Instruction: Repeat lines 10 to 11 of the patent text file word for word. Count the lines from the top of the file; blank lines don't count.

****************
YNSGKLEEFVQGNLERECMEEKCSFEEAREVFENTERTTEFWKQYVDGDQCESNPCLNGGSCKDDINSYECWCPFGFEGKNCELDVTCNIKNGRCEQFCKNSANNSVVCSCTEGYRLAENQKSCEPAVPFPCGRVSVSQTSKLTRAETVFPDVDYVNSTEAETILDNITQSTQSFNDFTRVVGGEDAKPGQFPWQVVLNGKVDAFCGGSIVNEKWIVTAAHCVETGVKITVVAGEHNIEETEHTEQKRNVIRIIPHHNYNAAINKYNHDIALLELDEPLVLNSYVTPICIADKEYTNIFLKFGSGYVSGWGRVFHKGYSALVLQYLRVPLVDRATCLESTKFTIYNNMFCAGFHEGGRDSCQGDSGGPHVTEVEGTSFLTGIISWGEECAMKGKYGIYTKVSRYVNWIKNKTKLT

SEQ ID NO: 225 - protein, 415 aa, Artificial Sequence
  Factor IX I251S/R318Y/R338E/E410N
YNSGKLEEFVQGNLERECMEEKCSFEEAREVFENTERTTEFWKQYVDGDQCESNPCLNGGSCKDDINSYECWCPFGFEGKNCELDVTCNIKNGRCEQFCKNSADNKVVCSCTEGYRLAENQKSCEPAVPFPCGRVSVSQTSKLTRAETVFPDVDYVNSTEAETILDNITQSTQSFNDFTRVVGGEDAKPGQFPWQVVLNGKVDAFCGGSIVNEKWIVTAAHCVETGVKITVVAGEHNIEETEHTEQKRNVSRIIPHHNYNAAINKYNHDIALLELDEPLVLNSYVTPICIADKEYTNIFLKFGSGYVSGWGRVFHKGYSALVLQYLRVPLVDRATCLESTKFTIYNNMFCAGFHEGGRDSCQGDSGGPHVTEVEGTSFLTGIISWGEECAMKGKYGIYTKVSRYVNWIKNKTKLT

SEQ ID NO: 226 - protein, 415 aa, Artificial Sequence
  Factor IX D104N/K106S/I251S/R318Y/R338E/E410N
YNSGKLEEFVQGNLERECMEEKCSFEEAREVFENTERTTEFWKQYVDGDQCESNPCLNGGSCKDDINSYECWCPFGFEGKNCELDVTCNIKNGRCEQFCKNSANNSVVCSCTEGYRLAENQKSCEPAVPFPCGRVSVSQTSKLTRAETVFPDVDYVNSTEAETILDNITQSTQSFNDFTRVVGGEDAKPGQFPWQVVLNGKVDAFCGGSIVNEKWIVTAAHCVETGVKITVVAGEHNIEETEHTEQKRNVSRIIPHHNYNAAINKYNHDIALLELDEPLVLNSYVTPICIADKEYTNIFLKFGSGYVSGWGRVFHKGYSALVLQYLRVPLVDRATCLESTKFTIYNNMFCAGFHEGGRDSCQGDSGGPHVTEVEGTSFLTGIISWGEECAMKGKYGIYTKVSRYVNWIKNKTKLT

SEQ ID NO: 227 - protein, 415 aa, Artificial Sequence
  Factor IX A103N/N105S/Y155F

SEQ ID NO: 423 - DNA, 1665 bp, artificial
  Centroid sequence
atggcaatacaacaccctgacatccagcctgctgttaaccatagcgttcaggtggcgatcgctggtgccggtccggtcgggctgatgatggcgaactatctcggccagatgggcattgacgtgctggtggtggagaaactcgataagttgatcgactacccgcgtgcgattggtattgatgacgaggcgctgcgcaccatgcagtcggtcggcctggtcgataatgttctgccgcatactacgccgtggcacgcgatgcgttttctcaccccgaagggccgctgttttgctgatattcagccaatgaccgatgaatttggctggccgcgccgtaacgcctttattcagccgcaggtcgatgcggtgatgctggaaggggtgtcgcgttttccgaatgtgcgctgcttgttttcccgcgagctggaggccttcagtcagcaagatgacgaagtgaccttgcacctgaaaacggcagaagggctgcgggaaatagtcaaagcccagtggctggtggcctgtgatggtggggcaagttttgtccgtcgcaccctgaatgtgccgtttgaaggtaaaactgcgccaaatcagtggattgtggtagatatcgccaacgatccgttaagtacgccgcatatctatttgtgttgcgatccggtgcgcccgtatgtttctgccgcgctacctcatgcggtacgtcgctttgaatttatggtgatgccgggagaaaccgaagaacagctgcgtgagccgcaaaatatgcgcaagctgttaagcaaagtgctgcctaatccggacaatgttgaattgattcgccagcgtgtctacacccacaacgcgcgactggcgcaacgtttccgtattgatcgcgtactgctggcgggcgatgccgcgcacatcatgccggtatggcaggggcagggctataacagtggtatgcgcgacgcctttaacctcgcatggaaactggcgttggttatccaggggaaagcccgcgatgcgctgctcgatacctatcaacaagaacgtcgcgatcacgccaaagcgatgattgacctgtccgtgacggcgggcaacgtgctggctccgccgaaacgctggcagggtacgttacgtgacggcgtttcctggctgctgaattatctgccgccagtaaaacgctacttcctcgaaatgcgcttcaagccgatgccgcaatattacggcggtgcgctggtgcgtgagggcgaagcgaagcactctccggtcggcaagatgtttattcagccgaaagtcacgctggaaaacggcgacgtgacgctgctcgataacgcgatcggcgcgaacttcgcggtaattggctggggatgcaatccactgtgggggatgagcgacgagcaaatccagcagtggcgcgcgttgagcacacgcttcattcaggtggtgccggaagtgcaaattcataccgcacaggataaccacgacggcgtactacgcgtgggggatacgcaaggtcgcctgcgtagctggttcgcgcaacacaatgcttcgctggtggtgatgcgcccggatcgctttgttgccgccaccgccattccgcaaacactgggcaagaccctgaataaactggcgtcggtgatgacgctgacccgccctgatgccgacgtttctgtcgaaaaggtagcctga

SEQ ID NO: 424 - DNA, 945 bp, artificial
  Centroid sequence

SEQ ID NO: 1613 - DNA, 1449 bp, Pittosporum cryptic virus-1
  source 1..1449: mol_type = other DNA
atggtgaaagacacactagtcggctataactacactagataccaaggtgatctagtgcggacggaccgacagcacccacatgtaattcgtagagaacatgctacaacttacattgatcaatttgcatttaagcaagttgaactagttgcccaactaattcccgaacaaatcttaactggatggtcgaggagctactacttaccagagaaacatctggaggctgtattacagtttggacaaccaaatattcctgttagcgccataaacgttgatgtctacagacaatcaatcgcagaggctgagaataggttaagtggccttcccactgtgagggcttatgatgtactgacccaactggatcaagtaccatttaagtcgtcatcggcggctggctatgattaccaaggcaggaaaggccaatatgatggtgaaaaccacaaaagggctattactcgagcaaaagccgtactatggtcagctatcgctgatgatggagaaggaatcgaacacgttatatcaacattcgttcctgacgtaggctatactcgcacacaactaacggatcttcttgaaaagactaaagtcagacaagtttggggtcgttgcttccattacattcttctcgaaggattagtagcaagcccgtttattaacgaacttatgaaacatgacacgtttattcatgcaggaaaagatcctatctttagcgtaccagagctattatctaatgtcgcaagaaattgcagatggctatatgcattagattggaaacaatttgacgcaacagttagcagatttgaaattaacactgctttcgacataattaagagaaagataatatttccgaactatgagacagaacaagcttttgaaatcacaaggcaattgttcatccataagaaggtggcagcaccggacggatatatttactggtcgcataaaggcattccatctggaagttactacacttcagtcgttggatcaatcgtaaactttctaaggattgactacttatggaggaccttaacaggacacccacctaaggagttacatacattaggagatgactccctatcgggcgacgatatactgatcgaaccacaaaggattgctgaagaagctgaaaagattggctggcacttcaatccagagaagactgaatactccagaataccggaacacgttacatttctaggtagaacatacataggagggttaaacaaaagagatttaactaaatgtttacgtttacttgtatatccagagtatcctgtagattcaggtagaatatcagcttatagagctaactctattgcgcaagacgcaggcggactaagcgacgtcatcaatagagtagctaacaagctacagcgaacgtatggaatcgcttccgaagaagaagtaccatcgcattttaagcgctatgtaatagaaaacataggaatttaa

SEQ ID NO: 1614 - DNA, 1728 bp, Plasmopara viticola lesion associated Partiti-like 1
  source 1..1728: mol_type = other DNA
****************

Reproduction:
SEQ ID NO: 423 - DNA, 1665 bp, artificial
  Centroid sequence